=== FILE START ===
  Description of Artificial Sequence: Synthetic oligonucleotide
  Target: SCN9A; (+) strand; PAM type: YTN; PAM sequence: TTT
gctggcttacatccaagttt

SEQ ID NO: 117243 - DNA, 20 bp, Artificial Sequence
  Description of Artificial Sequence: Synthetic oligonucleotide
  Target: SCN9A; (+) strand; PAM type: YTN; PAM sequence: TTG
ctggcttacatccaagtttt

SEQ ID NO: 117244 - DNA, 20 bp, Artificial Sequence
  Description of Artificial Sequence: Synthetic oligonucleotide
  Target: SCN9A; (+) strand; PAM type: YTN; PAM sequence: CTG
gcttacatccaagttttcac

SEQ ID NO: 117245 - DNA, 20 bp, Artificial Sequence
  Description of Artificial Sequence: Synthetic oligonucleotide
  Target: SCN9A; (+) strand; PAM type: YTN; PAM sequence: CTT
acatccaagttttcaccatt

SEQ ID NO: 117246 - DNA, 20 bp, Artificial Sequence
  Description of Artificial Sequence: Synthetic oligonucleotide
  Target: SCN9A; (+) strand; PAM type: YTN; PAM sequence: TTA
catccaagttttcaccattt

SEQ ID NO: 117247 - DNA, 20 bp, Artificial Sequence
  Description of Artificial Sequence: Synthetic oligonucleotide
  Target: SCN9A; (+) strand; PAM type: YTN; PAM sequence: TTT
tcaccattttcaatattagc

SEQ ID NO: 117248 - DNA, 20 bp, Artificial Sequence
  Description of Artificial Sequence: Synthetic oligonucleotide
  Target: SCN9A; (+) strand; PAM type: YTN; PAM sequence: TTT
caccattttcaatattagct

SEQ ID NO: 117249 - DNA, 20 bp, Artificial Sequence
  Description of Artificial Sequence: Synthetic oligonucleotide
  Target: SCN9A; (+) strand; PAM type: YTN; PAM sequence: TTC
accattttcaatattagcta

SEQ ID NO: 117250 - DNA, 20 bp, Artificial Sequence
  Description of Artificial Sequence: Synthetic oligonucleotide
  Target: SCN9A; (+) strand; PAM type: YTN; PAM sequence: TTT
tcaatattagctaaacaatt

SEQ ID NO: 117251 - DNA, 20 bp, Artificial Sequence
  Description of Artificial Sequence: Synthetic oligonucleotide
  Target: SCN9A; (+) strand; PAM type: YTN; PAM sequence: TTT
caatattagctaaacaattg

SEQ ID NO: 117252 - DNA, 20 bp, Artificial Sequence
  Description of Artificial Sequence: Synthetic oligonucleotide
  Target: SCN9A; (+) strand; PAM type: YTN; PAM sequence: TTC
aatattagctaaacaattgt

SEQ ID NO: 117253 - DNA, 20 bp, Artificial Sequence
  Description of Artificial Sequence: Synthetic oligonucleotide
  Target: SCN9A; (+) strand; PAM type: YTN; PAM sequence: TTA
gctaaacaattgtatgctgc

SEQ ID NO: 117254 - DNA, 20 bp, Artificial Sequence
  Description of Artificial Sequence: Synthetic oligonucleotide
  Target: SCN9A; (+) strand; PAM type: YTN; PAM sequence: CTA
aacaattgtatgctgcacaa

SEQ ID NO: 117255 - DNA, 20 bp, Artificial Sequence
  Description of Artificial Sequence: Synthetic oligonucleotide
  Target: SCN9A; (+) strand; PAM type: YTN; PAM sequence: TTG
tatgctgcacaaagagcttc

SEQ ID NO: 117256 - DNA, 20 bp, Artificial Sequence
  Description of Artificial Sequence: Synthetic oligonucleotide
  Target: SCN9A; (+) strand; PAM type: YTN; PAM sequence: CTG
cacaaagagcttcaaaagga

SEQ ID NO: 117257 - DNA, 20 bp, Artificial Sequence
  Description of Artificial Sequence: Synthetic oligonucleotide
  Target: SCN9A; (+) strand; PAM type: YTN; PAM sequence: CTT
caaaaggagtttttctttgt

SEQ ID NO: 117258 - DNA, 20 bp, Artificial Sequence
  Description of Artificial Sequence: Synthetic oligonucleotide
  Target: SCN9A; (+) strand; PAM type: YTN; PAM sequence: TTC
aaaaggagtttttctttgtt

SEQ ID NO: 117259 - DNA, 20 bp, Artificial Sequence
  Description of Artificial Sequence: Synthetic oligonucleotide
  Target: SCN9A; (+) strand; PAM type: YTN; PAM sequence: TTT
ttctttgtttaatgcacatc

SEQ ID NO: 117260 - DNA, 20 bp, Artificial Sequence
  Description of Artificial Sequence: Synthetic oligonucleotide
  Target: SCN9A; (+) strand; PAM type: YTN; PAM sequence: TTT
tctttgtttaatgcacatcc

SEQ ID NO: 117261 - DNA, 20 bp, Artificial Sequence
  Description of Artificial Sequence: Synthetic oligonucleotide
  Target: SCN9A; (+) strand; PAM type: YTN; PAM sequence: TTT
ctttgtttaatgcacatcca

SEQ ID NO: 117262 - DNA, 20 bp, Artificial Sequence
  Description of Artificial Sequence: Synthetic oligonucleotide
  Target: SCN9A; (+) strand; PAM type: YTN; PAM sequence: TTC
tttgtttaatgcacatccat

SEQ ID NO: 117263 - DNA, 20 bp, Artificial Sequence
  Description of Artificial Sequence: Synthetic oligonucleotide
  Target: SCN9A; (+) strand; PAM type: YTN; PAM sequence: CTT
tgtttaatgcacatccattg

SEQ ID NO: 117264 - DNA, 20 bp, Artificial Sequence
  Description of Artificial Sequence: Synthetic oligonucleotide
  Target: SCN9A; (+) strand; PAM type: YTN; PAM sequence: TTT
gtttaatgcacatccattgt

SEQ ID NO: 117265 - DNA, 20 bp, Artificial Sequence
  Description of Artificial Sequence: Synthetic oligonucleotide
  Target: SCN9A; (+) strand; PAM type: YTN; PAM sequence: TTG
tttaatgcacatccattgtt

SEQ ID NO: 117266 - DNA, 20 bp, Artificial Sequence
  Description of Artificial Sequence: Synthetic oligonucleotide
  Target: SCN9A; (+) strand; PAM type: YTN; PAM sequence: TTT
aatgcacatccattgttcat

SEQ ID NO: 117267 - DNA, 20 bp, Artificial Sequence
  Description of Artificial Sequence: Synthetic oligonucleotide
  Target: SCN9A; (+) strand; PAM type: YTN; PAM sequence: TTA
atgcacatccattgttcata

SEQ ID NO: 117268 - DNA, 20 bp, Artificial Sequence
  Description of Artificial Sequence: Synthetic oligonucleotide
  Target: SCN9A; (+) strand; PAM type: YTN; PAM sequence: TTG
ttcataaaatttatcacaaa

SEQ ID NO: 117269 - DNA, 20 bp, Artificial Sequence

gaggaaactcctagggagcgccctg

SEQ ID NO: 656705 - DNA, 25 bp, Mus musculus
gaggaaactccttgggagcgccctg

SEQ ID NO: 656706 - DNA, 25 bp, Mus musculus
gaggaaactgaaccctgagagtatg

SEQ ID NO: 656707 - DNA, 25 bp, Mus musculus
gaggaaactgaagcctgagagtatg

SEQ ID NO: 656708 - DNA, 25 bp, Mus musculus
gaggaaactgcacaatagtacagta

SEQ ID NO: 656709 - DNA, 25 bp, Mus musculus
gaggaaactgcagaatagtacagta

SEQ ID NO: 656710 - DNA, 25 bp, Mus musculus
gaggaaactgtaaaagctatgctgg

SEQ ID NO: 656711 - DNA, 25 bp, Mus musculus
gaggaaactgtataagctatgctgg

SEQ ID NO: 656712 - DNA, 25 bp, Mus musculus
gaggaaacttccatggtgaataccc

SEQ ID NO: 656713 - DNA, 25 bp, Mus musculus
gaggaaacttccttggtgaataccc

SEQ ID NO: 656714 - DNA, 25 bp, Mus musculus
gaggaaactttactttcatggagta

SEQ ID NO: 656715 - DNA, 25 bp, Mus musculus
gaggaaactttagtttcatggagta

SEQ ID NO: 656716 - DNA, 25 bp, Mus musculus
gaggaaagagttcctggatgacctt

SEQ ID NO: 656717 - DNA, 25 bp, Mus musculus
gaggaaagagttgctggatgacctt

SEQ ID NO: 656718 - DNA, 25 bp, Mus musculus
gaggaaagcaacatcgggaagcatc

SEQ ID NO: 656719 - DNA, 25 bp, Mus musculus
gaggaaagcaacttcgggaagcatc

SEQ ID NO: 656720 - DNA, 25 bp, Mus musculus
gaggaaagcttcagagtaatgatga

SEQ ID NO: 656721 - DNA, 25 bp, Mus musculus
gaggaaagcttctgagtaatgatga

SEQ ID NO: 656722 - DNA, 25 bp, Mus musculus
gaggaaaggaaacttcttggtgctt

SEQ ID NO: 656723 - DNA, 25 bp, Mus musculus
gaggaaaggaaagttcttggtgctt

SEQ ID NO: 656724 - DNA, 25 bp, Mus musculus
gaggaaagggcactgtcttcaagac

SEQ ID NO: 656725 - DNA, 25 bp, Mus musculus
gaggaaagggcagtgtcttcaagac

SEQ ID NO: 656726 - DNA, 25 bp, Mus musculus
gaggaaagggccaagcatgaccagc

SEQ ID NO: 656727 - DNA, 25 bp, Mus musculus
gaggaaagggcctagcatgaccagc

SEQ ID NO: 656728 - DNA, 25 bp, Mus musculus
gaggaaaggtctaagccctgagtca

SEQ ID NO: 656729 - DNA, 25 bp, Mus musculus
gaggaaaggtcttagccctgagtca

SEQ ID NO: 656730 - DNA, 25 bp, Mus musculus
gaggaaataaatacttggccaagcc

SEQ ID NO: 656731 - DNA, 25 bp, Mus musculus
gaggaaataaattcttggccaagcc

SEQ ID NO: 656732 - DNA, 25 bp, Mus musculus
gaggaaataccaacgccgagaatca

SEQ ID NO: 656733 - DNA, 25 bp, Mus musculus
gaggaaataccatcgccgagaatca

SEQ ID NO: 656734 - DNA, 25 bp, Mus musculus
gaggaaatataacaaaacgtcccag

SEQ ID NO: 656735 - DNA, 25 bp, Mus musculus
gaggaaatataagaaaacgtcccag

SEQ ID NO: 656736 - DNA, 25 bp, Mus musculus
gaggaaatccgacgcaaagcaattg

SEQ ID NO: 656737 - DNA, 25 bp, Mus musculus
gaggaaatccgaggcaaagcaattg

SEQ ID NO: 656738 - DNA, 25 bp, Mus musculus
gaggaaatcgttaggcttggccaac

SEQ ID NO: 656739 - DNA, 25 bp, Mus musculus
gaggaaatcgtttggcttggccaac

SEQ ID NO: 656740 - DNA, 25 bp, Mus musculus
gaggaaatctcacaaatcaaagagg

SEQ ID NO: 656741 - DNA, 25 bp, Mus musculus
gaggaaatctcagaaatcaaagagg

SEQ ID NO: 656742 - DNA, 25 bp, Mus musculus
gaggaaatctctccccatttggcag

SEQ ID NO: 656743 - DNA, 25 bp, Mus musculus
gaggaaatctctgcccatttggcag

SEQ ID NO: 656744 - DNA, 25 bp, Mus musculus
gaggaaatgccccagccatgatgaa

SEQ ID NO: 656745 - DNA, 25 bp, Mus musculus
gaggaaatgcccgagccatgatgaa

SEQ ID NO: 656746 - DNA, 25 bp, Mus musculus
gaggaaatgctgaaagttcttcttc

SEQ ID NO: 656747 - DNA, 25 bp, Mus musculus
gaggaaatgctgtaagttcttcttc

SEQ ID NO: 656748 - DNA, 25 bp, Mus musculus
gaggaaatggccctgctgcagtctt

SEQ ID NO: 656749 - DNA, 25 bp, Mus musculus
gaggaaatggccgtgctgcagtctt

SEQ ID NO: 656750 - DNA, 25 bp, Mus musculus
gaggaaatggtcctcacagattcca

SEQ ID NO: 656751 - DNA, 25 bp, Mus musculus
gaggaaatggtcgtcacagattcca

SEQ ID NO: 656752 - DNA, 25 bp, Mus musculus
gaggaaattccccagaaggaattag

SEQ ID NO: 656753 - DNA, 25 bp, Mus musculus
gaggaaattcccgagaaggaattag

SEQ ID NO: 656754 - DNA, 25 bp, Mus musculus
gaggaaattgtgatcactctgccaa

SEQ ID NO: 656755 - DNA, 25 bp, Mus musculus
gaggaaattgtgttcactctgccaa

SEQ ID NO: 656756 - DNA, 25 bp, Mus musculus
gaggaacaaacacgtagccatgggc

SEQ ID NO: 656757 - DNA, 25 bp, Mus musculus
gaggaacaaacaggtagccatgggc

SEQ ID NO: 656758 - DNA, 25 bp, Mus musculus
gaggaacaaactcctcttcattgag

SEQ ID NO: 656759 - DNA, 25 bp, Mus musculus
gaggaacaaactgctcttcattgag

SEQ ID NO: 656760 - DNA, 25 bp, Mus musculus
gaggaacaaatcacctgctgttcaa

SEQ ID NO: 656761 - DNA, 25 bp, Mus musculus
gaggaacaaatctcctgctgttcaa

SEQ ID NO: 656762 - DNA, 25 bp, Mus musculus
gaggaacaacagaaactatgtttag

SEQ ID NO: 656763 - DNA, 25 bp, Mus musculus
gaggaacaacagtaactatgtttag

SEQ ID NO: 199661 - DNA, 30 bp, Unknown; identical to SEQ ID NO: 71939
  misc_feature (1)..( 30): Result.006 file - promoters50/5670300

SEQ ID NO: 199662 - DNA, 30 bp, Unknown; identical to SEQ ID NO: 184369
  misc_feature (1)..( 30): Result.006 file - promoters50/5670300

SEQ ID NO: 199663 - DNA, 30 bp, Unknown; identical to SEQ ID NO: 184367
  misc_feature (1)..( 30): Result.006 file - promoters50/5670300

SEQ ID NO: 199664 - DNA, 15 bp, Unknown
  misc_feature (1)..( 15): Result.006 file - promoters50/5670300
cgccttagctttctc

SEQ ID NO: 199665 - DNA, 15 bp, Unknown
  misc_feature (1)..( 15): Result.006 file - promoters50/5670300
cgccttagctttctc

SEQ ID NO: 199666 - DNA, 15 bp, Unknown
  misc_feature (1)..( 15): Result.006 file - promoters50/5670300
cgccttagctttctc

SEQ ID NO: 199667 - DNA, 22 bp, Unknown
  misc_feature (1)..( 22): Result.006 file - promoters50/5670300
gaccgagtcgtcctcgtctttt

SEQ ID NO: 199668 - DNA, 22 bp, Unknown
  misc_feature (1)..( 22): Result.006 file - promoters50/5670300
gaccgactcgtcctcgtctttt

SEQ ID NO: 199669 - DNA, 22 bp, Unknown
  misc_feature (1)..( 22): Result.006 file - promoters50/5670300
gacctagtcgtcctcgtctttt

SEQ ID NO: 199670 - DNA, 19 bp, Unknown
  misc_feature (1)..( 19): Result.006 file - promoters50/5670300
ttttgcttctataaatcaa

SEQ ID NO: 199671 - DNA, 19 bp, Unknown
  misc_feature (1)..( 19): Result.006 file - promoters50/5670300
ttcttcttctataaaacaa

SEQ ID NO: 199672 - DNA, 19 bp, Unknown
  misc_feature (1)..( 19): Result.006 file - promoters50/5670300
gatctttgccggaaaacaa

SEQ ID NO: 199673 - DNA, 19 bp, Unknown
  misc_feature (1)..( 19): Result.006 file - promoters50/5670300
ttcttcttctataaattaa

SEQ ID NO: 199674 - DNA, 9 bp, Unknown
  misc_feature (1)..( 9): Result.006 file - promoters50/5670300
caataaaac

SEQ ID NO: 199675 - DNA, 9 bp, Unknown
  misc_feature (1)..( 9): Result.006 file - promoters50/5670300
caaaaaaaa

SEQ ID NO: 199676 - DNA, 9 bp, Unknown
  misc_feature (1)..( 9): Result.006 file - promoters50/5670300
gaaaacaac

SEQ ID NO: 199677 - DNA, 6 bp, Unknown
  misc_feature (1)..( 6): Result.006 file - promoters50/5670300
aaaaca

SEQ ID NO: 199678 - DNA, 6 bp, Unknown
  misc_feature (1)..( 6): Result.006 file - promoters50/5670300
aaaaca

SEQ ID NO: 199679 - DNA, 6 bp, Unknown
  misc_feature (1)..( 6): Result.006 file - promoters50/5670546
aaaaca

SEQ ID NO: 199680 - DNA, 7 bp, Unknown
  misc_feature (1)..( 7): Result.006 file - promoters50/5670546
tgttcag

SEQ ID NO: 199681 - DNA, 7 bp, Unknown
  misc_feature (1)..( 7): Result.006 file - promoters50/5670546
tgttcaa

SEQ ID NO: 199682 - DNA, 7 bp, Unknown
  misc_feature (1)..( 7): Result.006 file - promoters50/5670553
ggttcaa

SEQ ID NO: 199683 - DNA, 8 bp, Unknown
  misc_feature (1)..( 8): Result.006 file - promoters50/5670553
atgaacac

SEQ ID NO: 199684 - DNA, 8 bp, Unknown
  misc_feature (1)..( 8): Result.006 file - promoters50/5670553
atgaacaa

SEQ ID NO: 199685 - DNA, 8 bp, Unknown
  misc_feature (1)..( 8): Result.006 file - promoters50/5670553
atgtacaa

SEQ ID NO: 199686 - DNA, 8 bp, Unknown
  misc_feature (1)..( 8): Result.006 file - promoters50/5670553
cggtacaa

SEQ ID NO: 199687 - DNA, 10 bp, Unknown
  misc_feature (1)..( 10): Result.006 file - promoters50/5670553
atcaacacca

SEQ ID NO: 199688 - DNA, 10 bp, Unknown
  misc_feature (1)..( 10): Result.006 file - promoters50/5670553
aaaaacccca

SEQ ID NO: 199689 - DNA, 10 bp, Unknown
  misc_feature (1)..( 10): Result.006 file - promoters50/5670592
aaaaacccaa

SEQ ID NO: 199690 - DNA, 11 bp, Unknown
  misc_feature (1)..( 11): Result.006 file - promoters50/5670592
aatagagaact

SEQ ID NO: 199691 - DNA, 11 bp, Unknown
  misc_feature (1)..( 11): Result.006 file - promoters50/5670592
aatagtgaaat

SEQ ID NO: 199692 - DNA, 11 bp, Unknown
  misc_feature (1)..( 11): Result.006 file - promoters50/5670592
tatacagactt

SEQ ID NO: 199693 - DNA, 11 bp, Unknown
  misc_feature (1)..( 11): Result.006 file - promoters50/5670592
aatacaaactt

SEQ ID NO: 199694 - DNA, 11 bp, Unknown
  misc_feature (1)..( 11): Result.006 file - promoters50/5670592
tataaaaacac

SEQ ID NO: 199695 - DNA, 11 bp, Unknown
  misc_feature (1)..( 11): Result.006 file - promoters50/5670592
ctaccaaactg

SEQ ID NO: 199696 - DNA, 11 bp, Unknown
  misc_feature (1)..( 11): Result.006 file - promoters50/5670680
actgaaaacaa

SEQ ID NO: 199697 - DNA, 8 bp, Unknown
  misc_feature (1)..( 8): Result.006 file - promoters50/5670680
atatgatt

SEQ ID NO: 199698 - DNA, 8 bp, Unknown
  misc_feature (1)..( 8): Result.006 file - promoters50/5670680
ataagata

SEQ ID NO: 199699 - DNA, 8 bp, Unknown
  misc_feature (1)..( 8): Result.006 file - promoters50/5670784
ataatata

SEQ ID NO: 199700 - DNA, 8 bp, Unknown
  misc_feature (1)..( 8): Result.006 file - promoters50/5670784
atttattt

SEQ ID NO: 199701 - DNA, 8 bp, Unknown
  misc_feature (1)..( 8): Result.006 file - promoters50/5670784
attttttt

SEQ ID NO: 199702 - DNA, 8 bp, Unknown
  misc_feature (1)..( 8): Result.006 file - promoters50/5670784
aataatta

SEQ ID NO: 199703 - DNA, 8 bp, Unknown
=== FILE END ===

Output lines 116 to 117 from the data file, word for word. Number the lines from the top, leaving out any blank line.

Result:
SEQ ID NO: 656708 - DNA, 25 bp, Mus musculus
gaggaaactgcacaatagtacagta